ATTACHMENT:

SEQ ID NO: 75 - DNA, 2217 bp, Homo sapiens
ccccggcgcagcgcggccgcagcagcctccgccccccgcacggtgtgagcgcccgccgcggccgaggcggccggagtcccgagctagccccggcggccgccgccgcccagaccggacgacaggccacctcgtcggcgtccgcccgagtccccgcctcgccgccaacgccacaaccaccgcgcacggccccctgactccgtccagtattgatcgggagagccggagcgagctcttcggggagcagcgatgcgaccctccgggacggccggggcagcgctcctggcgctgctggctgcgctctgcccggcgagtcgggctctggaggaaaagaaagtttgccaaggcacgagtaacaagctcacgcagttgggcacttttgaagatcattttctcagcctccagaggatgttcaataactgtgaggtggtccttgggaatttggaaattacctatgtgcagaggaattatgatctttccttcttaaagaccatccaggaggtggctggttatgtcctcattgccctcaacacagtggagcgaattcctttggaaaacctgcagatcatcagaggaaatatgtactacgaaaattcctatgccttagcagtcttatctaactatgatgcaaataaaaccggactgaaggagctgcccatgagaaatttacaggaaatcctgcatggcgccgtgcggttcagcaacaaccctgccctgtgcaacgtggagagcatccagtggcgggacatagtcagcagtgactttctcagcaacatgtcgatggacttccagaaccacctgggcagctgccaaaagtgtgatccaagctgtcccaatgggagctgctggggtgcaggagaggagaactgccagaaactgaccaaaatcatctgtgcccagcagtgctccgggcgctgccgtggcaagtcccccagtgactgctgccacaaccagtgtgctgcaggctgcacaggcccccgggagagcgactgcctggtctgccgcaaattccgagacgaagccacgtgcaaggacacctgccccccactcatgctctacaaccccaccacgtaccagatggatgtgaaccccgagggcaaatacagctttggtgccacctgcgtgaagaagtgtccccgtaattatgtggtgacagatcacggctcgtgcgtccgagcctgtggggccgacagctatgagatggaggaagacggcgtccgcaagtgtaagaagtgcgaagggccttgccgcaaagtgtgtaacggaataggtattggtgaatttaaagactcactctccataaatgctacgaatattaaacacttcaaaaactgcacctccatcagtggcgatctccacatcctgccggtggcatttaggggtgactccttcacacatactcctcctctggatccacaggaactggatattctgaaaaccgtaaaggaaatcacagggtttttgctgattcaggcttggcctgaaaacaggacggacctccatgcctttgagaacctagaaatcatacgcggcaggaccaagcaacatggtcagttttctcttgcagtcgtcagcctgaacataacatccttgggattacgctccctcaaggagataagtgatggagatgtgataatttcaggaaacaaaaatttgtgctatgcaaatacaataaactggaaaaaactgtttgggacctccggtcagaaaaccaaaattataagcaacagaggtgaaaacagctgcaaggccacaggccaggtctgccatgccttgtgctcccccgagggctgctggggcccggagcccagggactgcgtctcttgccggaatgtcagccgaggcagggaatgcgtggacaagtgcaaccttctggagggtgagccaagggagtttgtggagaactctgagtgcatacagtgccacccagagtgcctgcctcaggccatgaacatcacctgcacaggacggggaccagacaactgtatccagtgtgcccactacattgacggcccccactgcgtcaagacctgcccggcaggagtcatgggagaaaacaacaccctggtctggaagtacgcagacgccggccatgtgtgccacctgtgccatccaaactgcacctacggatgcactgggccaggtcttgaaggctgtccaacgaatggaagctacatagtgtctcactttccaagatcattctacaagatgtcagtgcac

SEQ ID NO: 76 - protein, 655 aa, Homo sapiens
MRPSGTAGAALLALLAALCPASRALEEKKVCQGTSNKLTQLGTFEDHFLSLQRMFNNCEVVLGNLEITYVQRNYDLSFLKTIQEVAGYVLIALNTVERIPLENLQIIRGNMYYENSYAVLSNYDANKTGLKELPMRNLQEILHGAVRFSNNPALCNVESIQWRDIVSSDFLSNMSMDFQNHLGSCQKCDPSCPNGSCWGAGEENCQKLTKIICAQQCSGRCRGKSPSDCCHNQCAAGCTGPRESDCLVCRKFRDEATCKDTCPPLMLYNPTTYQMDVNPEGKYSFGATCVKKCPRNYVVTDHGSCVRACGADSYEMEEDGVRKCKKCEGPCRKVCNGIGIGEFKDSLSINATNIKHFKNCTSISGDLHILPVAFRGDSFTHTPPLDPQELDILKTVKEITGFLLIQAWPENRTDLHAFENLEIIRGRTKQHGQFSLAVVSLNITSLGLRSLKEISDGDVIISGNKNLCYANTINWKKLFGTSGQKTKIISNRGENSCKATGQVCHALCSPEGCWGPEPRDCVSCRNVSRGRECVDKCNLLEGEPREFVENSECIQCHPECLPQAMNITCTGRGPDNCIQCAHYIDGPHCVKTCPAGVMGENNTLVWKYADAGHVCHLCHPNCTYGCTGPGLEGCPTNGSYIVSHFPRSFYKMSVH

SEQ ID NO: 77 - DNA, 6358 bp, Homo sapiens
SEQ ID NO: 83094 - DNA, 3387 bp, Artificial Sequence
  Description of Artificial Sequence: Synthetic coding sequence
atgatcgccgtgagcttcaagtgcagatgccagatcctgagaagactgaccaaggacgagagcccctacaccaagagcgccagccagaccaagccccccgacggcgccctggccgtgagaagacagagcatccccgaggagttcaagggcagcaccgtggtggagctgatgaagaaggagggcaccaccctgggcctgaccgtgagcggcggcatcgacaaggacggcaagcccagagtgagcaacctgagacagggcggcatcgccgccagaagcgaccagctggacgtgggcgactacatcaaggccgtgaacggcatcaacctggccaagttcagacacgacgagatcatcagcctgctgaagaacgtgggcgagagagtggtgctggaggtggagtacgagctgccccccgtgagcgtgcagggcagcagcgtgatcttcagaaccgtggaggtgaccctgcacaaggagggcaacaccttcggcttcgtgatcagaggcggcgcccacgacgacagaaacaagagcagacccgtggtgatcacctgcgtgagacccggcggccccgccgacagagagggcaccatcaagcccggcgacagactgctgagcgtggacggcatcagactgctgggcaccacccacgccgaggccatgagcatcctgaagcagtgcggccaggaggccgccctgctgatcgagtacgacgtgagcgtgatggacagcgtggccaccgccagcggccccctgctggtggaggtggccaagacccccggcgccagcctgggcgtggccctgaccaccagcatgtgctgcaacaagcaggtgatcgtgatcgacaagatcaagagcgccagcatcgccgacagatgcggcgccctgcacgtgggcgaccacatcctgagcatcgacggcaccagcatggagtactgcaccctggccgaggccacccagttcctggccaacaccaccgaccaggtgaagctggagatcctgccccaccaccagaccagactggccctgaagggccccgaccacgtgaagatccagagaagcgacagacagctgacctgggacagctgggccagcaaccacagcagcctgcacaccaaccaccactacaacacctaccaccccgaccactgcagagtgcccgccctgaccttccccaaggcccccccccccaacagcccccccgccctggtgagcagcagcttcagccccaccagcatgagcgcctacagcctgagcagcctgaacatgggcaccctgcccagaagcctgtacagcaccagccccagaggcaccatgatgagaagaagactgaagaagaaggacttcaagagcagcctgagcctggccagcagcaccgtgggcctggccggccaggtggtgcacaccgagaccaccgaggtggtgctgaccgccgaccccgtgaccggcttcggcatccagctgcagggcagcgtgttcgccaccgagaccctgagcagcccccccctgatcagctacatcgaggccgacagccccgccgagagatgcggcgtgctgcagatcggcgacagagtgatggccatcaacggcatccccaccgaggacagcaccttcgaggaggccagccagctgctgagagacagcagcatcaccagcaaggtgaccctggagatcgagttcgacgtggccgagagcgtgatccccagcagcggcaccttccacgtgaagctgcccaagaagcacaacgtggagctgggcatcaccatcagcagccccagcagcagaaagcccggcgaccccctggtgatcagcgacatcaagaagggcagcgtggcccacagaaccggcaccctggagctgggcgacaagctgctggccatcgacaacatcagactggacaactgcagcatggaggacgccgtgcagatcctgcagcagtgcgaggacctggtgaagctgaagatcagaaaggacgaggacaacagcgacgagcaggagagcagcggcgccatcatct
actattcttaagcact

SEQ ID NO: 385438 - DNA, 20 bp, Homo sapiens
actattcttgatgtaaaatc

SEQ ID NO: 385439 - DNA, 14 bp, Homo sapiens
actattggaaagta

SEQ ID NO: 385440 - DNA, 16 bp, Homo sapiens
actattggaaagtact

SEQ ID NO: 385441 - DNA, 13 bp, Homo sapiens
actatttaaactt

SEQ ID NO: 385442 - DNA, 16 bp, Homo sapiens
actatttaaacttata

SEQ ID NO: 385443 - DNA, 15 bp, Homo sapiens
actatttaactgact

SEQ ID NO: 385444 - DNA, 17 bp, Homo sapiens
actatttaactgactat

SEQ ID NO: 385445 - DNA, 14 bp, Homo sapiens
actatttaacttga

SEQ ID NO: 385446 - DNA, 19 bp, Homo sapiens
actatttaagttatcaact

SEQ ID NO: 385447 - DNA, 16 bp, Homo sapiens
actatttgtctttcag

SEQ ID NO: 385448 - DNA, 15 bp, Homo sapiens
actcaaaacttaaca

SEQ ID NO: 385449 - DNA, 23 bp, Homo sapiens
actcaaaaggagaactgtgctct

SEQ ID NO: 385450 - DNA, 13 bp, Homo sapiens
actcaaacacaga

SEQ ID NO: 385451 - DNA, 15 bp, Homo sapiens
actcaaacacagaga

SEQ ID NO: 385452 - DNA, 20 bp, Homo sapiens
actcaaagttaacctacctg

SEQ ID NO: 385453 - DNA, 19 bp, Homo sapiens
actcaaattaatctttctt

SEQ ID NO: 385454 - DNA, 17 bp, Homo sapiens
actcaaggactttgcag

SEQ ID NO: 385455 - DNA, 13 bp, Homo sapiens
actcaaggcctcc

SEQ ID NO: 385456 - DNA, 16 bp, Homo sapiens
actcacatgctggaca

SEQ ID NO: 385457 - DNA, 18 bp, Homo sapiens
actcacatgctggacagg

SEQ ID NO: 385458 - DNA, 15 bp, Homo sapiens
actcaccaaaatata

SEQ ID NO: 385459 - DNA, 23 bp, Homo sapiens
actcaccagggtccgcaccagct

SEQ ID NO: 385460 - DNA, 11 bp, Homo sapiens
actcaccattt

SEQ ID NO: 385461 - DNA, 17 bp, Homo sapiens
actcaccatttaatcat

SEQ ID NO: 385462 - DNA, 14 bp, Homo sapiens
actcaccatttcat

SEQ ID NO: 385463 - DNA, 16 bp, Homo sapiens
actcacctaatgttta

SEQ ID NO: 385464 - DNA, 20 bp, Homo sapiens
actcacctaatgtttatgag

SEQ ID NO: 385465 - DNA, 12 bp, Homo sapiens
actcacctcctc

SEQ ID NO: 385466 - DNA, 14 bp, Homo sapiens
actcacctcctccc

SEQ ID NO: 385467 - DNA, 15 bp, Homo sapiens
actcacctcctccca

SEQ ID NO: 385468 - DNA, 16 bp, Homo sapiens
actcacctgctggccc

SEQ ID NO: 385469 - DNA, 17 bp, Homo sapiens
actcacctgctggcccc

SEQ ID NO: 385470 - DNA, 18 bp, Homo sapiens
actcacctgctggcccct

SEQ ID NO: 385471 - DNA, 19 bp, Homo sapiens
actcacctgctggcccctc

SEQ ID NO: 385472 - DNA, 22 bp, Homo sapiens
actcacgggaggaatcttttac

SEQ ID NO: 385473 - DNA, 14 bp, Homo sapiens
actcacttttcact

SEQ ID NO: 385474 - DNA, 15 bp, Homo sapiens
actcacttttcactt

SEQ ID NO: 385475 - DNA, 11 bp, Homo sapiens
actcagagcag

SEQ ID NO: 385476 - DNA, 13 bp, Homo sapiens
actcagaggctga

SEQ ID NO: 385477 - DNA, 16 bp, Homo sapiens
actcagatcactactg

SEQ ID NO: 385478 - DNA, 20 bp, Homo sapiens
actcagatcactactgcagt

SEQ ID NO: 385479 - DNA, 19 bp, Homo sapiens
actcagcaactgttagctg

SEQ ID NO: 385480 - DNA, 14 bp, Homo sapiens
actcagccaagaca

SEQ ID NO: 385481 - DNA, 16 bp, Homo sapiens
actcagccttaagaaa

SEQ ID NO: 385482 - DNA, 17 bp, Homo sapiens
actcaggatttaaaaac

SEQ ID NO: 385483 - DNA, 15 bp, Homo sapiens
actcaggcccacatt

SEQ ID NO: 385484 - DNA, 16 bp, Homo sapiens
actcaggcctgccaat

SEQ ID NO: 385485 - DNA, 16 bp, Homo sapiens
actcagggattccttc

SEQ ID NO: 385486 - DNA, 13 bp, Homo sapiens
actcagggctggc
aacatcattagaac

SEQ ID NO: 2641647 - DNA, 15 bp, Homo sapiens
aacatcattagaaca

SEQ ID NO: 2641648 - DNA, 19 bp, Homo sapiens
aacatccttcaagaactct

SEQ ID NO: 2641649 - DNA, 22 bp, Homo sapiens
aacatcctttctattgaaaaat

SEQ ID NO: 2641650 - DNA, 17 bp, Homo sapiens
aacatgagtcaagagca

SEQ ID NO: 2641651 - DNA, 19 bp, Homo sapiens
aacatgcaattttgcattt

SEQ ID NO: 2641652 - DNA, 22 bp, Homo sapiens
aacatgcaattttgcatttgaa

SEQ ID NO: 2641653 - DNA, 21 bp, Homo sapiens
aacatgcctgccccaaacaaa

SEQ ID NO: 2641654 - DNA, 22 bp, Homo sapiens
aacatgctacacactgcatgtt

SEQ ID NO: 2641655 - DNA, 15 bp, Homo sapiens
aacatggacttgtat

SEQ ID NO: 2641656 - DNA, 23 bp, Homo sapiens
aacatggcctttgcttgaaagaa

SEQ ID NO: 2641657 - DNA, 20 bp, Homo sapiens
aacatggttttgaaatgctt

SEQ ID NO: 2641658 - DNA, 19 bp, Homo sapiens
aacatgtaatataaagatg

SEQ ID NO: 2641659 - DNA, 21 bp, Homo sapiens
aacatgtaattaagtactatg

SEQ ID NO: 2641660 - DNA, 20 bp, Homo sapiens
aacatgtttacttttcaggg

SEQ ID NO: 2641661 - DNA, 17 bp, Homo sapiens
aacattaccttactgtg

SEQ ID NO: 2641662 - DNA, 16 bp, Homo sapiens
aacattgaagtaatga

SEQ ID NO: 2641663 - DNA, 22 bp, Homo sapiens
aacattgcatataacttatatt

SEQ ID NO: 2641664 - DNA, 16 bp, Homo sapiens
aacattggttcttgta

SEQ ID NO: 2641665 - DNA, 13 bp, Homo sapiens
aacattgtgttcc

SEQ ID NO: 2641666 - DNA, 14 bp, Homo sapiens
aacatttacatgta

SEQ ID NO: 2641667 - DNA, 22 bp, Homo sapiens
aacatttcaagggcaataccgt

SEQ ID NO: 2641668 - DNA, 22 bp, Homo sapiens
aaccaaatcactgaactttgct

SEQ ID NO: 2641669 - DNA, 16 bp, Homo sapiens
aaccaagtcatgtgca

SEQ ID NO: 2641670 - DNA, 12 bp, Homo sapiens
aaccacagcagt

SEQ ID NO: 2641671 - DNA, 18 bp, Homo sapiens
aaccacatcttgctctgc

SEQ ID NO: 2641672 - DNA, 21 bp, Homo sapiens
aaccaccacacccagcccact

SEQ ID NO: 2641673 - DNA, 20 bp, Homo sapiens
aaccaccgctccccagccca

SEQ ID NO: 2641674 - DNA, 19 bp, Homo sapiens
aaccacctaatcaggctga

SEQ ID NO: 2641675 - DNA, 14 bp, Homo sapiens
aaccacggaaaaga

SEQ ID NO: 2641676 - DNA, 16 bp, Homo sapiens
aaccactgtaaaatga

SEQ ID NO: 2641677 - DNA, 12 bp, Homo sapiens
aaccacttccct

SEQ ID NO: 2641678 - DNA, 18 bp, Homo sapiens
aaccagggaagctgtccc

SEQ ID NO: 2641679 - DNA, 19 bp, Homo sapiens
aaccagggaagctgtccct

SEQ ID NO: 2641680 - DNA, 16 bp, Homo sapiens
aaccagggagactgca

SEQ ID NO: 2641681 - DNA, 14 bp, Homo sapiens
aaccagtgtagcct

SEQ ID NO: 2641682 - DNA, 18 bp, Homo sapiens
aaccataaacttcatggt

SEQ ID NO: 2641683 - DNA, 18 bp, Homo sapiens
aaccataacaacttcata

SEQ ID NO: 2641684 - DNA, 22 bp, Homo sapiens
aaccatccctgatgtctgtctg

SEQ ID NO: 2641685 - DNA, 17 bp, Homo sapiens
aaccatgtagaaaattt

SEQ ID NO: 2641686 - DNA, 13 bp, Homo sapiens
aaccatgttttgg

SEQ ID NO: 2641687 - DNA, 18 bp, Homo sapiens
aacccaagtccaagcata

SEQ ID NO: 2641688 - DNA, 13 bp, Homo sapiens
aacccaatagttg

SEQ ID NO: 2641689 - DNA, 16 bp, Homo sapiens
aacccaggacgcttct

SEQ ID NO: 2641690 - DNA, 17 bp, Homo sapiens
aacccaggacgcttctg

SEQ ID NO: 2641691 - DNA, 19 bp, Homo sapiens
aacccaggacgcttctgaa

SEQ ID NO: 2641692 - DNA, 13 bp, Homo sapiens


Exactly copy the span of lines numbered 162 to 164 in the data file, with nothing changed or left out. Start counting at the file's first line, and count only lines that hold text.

aaccaccgctccccagccca

SEQ ID NO: 2641674 - DNA, 19 bp, Homo sapiens
aaccacctaatcaggctga